Tuesday, November 30, 2010

"Take a pass on yelling uncle..."



I came across this awesome Nike ad while attending the Alberta Lacrosse Association Annual General Meeting this fall. Kyle Miller, a world champion field lacrosse player, showed it at the beginning of his keynote presentation to the AGM. Kyle's resiliency story is one of character, perseverance and courage, and it was an honor to hear him tell it. After learning about Kyle's story, it was very clear why he chose this particular video as an opener. Resilience is something Kyle Miller understands implicitly, and this ad isn't about anything if it's not about resiliency.

"Only the strong will survive" ... the theory of evolution indeed. The theory of competition... "The strong aren't immune to getting their asses kicked." Every athlete knows this. I've been talking a lot lately with anyone interested about change as continuous improvement as opposed to a finite change of state. Athletes know implicitly that the variables affecting their performance on any given day are infinite. They know that there are two sides to every competition and they line up to play the game to find out which side will be stronger... and both have to believe in their hearts that they will be the one. They do whatever they can to prepare for that game to the best of their ability, but without really knowing what the outcome will be. They have a challenge, and they prepare for it as thoroughly and professionally as possible considering the infinite variables at play. When they lose, the harder these gamers fall, the faster they bounce back to play again after dusting themselves off and adjusting their game plan. They "take a pass on uncle," and teachers should too. Teachers can learn so much  in attempting to understand and adopt the athlete's perspective toward challenge.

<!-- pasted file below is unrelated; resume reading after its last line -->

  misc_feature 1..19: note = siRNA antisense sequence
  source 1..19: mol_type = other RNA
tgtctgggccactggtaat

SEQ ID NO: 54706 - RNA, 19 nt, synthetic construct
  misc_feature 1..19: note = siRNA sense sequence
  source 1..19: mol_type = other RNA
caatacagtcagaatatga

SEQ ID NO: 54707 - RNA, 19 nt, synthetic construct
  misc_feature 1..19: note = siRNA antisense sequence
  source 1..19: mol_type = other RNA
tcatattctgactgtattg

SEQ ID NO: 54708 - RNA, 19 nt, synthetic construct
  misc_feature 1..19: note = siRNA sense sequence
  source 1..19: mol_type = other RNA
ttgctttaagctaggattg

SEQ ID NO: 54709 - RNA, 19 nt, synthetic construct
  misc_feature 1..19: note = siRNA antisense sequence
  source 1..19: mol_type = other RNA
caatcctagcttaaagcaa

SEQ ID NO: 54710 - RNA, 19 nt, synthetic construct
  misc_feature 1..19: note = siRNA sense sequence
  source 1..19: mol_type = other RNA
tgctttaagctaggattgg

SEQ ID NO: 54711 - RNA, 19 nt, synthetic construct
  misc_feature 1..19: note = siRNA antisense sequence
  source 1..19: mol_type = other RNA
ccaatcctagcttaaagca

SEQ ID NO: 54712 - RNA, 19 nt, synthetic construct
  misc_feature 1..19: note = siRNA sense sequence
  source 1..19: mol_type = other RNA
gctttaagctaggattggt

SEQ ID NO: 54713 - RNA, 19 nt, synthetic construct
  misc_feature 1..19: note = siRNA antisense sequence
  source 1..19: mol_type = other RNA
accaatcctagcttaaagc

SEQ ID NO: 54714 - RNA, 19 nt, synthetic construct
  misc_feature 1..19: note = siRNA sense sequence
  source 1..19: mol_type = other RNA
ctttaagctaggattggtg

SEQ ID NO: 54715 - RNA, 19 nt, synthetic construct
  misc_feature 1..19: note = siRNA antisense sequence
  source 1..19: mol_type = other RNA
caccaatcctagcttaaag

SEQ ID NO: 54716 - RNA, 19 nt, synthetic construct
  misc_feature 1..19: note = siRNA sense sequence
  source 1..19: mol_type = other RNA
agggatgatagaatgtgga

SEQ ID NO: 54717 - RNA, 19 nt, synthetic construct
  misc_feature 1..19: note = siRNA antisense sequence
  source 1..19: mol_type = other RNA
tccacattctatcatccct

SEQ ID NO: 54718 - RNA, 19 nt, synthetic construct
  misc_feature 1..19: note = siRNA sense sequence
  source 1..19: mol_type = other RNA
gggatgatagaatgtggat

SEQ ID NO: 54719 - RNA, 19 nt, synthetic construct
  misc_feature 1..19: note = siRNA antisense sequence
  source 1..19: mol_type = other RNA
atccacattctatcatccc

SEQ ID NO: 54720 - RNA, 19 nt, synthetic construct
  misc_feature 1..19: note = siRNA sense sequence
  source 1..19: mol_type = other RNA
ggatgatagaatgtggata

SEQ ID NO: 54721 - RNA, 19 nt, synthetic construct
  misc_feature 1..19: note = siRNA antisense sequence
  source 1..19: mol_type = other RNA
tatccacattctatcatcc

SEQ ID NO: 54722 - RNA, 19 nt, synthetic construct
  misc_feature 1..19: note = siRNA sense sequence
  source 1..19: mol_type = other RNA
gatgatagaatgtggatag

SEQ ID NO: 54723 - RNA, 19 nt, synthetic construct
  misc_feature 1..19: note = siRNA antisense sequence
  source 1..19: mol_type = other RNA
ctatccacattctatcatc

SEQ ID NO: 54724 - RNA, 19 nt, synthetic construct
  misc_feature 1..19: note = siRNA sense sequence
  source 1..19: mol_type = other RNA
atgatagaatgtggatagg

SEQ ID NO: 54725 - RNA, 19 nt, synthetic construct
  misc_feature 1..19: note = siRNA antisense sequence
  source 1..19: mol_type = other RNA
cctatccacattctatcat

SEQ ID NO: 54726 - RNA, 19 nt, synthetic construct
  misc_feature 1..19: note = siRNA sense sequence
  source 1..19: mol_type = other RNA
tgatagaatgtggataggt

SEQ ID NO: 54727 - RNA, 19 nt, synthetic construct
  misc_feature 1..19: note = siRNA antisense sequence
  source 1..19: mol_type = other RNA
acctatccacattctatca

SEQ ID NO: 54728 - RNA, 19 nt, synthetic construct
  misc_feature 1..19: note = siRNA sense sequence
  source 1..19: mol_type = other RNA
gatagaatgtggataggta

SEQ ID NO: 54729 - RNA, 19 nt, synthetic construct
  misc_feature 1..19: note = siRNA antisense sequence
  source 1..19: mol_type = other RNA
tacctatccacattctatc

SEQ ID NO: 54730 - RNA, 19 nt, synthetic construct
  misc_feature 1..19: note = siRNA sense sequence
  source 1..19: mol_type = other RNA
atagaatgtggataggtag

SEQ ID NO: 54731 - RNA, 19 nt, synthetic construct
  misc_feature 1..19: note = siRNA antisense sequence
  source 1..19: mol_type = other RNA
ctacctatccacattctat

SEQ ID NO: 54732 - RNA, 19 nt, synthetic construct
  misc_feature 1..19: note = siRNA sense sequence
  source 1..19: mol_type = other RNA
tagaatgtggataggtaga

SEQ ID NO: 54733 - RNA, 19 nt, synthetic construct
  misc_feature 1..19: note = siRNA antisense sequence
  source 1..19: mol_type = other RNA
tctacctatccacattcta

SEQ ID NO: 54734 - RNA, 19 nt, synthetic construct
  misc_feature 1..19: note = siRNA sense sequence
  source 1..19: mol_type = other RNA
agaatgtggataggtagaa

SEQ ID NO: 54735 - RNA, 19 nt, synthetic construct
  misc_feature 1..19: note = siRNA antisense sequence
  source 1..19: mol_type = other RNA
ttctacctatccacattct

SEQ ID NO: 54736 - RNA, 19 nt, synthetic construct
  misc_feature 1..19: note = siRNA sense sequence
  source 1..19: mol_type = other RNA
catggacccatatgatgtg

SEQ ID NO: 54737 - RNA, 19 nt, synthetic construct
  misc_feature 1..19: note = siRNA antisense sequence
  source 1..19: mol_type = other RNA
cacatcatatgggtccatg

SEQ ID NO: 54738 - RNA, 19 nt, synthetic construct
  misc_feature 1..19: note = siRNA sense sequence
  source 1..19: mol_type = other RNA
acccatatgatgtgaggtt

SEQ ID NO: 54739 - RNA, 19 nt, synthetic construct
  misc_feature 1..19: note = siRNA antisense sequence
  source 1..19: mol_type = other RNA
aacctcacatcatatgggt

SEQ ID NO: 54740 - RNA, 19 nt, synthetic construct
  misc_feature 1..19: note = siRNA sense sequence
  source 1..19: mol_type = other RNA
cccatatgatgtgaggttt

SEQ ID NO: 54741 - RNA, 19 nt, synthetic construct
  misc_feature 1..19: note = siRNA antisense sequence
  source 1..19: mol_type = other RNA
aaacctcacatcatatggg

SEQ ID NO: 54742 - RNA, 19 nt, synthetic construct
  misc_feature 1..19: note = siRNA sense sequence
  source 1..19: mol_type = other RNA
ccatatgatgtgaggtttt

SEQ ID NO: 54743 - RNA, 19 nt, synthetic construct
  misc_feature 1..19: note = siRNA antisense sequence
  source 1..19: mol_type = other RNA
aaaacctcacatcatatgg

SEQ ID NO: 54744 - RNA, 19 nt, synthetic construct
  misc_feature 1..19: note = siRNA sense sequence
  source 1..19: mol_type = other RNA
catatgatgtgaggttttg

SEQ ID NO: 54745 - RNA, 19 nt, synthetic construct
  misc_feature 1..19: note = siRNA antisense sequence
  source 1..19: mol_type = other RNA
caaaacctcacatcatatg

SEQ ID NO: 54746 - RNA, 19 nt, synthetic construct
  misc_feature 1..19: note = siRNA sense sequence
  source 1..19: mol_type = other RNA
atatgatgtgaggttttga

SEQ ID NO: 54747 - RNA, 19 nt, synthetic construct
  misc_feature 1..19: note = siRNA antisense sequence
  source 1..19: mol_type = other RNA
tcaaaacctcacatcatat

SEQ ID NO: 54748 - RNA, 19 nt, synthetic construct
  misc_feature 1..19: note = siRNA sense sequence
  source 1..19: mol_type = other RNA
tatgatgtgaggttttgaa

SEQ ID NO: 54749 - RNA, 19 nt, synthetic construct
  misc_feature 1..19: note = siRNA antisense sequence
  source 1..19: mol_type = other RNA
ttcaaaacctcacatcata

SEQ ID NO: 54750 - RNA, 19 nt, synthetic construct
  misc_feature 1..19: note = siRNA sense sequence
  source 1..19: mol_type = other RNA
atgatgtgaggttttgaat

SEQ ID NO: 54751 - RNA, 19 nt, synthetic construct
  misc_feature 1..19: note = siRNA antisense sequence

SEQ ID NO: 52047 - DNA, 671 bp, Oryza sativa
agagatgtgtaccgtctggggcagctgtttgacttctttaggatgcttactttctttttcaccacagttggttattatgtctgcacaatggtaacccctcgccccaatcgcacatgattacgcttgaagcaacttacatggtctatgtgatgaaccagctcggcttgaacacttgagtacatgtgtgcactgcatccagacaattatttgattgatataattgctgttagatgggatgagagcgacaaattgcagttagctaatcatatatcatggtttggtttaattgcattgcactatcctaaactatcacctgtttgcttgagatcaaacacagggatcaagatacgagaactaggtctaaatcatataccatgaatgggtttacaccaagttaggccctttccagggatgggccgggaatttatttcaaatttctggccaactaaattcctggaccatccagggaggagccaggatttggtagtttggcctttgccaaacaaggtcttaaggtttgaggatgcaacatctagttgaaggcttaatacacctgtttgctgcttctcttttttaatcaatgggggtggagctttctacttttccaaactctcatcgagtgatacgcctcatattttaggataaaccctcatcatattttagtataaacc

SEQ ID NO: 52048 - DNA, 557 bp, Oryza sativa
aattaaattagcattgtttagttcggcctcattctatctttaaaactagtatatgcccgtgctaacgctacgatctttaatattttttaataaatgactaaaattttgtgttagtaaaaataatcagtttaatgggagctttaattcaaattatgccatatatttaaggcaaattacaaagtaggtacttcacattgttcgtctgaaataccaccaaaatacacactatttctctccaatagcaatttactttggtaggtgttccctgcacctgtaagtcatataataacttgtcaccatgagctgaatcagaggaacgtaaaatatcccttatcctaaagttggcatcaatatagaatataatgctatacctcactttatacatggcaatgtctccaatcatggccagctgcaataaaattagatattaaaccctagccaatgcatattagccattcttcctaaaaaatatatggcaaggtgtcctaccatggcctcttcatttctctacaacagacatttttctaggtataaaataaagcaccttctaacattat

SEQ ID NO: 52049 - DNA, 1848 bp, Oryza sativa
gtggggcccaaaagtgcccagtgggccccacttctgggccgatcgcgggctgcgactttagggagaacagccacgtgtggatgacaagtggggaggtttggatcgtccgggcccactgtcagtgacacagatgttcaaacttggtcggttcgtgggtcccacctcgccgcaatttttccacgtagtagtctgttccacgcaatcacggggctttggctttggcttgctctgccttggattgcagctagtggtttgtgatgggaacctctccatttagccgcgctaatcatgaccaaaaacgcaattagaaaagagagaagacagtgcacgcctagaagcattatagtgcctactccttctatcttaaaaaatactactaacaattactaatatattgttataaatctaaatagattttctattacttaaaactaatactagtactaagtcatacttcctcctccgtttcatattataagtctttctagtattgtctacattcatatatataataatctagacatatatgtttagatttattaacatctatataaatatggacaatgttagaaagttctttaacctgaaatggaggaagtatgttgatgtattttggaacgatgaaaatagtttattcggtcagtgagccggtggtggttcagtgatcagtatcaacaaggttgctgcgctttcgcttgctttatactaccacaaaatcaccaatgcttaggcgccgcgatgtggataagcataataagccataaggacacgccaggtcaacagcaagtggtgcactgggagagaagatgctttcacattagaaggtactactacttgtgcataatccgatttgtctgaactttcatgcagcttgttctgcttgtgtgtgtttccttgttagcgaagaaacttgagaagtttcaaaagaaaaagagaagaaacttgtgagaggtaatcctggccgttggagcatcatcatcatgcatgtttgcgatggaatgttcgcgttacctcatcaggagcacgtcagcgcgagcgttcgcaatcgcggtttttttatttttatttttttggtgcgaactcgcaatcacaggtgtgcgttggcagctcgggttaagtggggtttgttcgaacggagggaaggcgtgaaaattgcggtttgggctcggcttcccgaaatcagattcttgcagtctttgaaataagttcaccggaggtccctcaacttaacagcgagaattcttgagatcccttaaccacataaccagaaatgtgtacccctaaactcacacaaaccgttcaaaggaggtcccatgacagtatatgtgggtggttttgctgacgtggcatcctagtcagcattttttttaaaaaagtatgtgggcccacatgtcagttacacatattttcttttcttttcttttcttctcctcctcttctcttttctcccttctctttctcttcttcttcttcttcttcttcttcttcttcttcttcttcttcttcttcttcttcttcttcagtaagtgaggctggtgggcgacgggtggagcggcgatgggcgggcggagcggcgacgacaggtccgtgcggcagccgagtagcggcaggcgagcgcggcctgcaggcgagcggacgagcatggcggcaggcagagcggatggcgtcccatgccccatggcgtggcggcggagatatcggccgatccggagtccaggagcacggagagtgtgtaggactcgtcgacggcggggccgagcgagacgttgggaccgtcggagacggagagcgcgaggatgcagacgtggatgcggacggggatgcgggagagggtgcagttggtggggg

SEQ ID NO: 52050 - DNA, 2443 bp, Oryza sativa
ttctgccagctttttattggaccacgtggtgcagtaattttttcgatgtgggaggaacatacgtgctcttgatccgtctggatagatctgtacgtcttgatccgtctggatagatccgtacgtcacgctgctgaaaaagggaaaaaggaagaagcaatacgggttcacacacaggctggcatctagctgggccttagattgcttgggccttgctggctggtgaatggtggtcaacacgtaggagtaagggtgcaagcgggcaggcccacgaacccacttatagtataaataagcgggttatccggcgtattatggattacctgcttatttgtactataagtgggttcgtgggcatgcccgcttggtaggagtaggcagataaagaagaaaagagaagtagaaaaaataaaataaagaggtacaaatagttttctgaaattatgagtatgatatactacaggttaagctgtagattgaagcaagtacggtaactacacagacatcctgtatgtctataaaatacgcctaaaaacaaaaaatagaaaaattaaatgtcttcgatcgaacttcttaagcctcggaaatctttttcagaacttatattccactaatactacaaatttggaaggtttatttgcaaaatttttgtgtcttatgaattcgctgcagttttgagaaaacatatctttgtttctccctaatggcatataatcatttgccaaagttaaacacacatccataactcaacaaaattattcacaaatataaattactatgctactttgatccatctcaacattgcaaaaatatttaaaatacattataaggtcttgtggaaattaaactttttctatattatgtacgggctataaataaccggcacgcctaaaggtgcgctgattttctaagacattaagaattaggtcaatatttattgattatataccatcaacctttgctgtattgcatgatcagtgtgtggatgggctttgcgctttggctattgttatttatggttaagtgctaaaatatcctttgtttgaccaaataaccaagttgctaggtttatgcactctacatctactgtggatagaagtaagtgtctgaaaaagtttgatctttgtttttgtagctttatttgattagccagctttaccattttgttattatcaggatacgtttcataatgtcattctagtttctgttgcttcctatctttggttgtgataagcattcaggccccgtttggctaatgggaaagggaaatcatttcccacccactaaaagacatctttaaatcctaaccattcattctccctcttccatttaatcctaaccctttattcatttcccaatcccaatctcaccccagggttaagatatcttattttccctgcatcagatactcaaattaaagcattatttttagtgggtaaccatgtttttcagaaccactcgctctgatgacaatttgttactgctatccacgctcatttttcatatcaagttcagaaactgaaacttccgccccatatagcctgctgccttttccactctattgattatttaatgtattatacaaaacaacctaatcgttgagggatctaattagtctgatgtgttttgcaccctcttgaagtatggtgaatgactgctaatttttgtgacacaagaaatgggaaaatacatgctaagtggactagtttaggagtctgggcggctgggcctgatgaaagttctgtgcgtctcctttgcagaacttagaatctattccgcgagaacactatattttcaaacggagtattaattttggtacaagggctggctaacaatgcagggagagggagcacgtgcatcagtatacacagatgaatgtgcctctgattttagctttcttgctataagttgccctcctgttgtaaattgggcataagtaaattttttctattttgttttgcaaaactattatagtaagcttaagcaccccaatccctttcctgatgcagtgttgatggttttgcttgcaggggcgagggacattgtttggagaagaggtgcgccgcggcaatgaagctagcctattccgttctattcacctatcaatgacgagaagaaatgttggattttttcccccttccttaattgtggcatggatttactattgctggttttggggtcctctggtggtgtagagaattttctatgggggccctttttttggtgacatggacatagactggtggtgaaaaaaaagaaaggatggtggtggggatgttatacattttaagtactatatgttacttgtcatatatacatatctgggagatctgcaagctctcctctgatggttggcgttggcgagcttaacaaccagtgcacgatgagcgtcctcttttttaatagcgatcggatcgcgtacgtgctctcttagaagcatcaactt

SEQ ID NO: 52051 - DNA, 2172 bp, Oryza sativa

Take some time to reflect on that. Passion, dedication, fortitude, commitment to purpose; all critical elements of a resilient person. If we intend to nurture resilient students, teachers must strive to possess these qualities so we can reflect them back toward our students. In doing so we become alternate mirrors reflecting positive and encouraging images about what the future has to offer; one where things never stop getting better and better as long as we are committed to the principle of change as continuous efforts to improve, as much as possible, despite the odds stacked against us. Change will happen despite what we do to try and control it... we need to embrace it and work with it; never say uncle on behalf of our students.

A new day is a new game and an opportunity to adjust our game plan to reflect what we think should be done to make that day better than the one before it... continuous improvement.

Teachers... get in the game.
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